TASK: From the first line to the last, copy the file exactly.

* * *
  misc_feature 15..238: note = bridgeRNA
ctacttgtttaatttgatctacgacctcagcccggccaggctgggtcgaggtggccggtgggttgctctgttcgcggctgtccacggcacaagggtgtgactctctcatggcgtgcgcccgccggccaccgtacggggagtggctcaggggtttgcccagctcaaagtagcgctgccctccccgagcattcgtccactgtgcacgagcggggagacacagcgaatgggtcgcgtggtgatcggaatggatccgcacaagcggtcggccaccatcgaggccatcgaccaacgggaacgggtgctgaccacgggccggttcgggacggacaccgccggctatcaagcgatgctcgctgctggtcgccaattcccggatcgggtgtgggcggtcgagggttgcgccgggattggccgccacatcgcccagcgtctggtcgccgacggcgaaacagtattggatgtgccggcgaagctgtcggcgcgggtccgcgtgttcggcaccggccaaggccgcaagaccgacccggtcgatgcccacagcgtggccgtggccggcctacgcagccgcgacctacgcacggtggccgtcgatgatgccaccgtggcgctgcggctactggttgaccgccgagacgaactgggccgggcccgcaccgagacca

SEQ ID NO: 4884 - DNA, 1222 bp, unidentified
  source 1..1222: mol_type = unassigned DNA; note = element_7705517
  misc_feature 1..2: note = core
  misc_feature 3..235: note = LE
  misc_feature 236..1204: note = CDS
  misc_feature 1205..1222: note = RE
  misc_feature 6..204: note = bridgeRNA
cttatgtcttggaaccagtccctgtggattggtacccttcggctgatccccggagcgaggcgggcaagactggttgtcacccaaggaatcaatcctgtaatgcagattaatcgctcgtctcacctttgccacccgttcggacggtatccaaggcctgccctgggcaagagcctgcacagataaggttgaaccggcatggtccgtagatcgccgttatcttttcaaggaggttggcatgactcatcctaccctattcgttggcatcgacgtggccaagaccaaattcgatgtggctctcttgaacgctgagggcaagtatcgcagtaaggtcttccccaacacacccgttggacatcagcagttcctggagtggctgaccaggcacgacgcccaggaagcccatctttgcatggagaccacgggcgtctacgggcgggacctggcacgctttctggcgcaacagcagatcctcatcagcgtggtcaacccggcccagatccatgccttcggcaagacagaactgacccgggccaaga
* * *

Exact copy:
  misc_feature 15..238: note = bridgeRNA
ctacttgtttaatttgatctacgacctcagcccggccaggctgggtcgaggtggccggtgggttgctctgttcgcggctgtccacggcacaagggtgtgactctctcatggcgtgcgcccgccggccaccgtacggggagtggctcaggggtttgcccagctcaaagtagcgctgccctccccgagcattcgtccactgtgcacgagcggggagacacagcgaatgggtcgcgtggtgatcggaatggatccgcacaagcggtcggccaccatcgaggccatcgaccaacgggaacgggtgctgaccacgggccggttcgggacggacaccgccggctatcaagcgatgctcgctgctggtcgccaattcccggatcgggtgtgggcggtcgagggttgcgccgggattggccgccacatcgcccagcgtctggtcgccgacggcgaaacagtattggatgtgccggcgaagctgtcggcgcgggtccgcgtgttcggcaccggccaaggccgcaagaccgacccggtcgatgcccacagcgtggccgtggccggcctacgcagccgcgacctacgcacggtggccgtcgatgatgccaccgtggcgctgcggctactggttgaccgccgagacgaactgggccgggcccgcaccgagacca

SEQ ID NO: 4884 - DNA, 1222 bp, unidentified
  source 1..1222: mol_type = unassigned DNA; note = element_7705517
  misc_feature 1..2: note = core
  misc_feature 3..235: note = LE
  misc_feature 236..1204: note = CDS
  misc_feature 1205..1222: note = RE
  misc_feature 6..204: note = bridgeRNA
cttatgtcttggaaccagtccctgtggattggtacccttcggctgatccccggagcgaggcgggcaagactggttgtcacccaaggaatcaatcctgtaatgcagattaatcgctcgtctcacctttgccacccgttcggacggtatccaaggcctgccctgggcaagagcctgcacagataaggttgaaccggcatggtccgtagatcgccgttatcttttcaaggaggttggcatgactcatcctaccctattcgttggcatcgacgtggccaagaccaaattcgatgtggctctcttgaacgctgagggcaagtatcgcagtaaggtcttccccaacacacccgttggacatcagcagttcctggagtggctgaccaggcacgacgcccaggaagcccatctttgcatggagaccacgggcgtctacgggcgggacctggcacgctttctggcgcaacagcagatcctcatcagcgtggtcaacccggcccagatccatgccttcggcaagacagaactgacccgggccaaga